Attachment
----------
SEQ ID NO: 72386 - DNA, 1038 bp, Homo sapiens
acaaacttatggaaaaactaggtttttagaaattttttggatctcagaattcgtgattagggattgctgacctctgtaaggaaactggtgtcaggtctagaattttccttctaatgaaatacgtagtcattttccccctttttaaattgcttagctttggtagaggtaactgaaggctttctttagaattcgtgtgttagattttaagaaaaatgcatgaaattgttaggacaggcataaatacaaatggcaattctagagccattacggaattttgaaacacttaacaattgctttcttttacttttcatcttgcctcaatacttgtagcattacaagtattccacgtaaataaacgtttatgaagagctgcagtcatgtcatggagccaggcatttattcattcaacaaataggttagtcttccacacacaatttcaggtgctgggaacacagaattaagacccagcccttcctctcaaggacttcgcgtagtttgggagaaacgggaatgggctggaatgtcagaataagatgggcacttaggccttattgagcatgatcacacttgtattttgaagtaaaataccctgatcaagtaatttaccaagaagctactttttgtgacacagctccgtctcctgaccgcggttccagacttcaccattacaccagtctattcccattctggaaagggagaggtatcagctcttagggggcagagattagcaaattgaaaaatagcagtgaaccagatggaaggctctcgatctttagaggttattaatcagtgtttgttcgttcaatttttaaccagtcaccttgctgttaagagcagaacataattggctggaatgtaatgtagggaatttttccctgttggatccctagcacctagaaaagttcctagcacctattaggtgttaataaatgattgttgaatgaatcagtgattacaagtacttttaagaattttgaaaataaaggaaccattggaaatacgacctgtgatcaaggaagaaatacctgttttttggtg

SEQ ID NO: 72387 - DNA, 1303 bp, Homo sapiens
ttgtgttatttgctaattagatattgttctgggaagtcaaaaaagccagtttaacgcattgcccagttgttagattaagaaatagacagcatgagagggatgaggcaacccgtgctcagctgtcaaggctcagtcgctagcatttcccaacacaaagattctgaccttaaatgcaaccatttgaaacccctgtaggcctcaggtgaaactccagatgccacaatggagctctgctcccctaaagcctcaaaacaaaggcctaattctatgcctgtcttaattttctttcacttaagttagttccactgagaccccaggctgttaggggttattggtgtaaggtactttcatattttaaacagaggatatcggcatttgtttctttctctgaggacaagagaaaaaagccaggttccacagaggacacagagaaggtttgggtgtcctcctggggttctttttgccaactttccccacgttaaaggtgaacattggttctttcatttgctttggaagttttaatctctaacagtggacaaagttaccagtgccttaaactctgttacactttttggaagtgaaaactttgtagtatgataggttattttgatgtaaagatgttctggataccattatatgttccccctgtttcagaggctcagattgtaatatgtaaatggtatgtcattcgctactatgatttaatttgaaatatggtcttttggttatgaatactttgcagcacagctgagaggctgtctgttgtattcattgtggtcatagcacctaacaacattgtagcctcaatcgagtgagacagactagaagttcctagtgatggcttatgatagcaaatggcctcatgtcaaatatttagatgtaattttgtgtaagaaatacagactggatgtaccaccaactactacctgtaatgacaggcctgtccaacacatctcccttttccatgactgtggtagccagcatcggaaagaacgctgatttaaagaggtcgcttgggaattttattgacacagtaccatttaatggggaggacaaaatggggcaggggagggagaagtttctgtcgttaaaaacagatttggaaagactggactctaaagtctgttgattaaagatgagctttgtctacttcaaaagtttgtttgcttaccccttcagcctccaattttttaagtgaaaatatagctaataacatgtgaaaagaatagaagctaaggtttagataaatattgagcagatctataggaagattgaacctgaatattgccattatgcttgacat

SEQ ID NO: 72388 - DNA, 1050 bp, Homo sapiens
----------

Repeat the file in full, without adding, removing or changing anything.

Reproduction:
SEQ ID NO: 72386 - DNA, 1038 bp, Homo sapiens
acaaacttatggaaaaactaggtttttagaaattttttggatctcagaattcgtgattagggattgctgacctctgtaaggaaactggtgtcaggtctagaattttccttctaatgaaatacgtagtcattttccccctttttaaattgcttagctttggtagaggtaactgaaggctttctttagaattcgtgtgttagattttaagaaaaatgcatgaaattgttaggacaggcataaatacaaatggcaattctagagccattacggaattttgaaacacttaacaattgctttcttttacttttcatcttgcctcaatacttgtagcattacaagtattccacgtaaataaacgtttatgaagagctgcagtcatgtcatggagccaggcatttattcattcaacaaataggttagtcttccacacacaatttcaggtgctgggaacacagaattaagacccagcccttcctctcaaggacttcgcgtagtttgggagaaacgggaatgggctggaatgtcagaataagatgggcacttaggccttattgagcatgatcacacttgtattttgaagtaaaataccctgatcaagtaatttaccaagaagctactttttgtgacacagctccgtctcctgaccgcggttccagacttcaccattacaccagtctattcccattctggaaagggagaggtatcagctcttagggggcagagattagcaaattgaaaaatagcagtgaaccagatggaaggctctcgatctttagaggttattaatcagtgtttgttcgttcaatttttaaccagtcaccttgctgttaagagcagaacataattggctggaatgtaatgtagggaatttttccctgttggatccctagcacctagaaaagttcctagcacctattaggtgttaataaatgattgttgaatgaatcagtgattacaagtacttttaagaattttgaaaataaaggaaccattggaaatacgacctgtgatcaaggaagaaatacctgttttttggtg

SEQ ID NO: 72387 - DNA, 1303 bp, Homo sapiens
ttgtgttatttgctaattagatattgttctgggaagtcaaaaaagccagtttaacgcattgcccagttgttagattaagaaatagacagcatgagagggatgaggcaacccgtgctcagctgtcaaggctcagtcgctagcatttcccaacacaaagattctgaccttaaatgcaaccatttgaaacccctgtaggcctcaggtgaaactccagatgccacaatggagctctgctcccctaaagcctcaaaacaaaggcctaattctatgcctgtcttaattttctttcacttaagttagttccactgagaccccaggctgttaggggttattggtgtaaggtactttcatattttaaacagaggatatcggcatttgtttctttctctgaggacaagagaaaaaagccaggttccacagaggacacagagaaggtttgggtgtcctcctggggttctttttgccaactttccccacgttaaaggtgaacattggttctttcatttgctttggaagttttaatctctaacagtggacaaagttaccagtgccttaaactctgttacactttttggaagtgaaaactttgtagtatgataggttattttgatgtaaagatgttctggataccattatatgttccccctgtttcagaggctcagattgtaatatgtaaatggtatgtcattcgctactatgatttaatttgaaatatggtcttttggttatgaatactttgcagcacagctgagaggctgtctgttgtattcattgtggtcatagcacctaacaacattgtagcctcaatcgagtgagacagactagaagttcctagtgatggcttatgatagcaaatggcctcatgtcaaatatttagatgtaattttgtgtaagaaatacagactggatgtaccaccaactactacctgtaatgacaggcctgtccaacacatctcccttttccatgactgtggtagccagcatcggaaagaacgctgatttaaagaggtcgcttgggaattttattgacacagtaccatttaatggggaggacaaaatggggcaggggagggagaagtttctgtcgttaaaaacagatttggaaagactggactctaaagtctgttgattaaagatgagctttgtctacttcaaaagtttgtttgcttaccccttcagcctccaattttttaagtgaaaatatagctaataacatgtgaaaagaatagaagctaaggtttagataaatattgagcagatctataggaagattgaacctgaatattgccattatgcttgacat

SEQ ID NO: 72388 - DNA, 1050 bp, Homo sapiens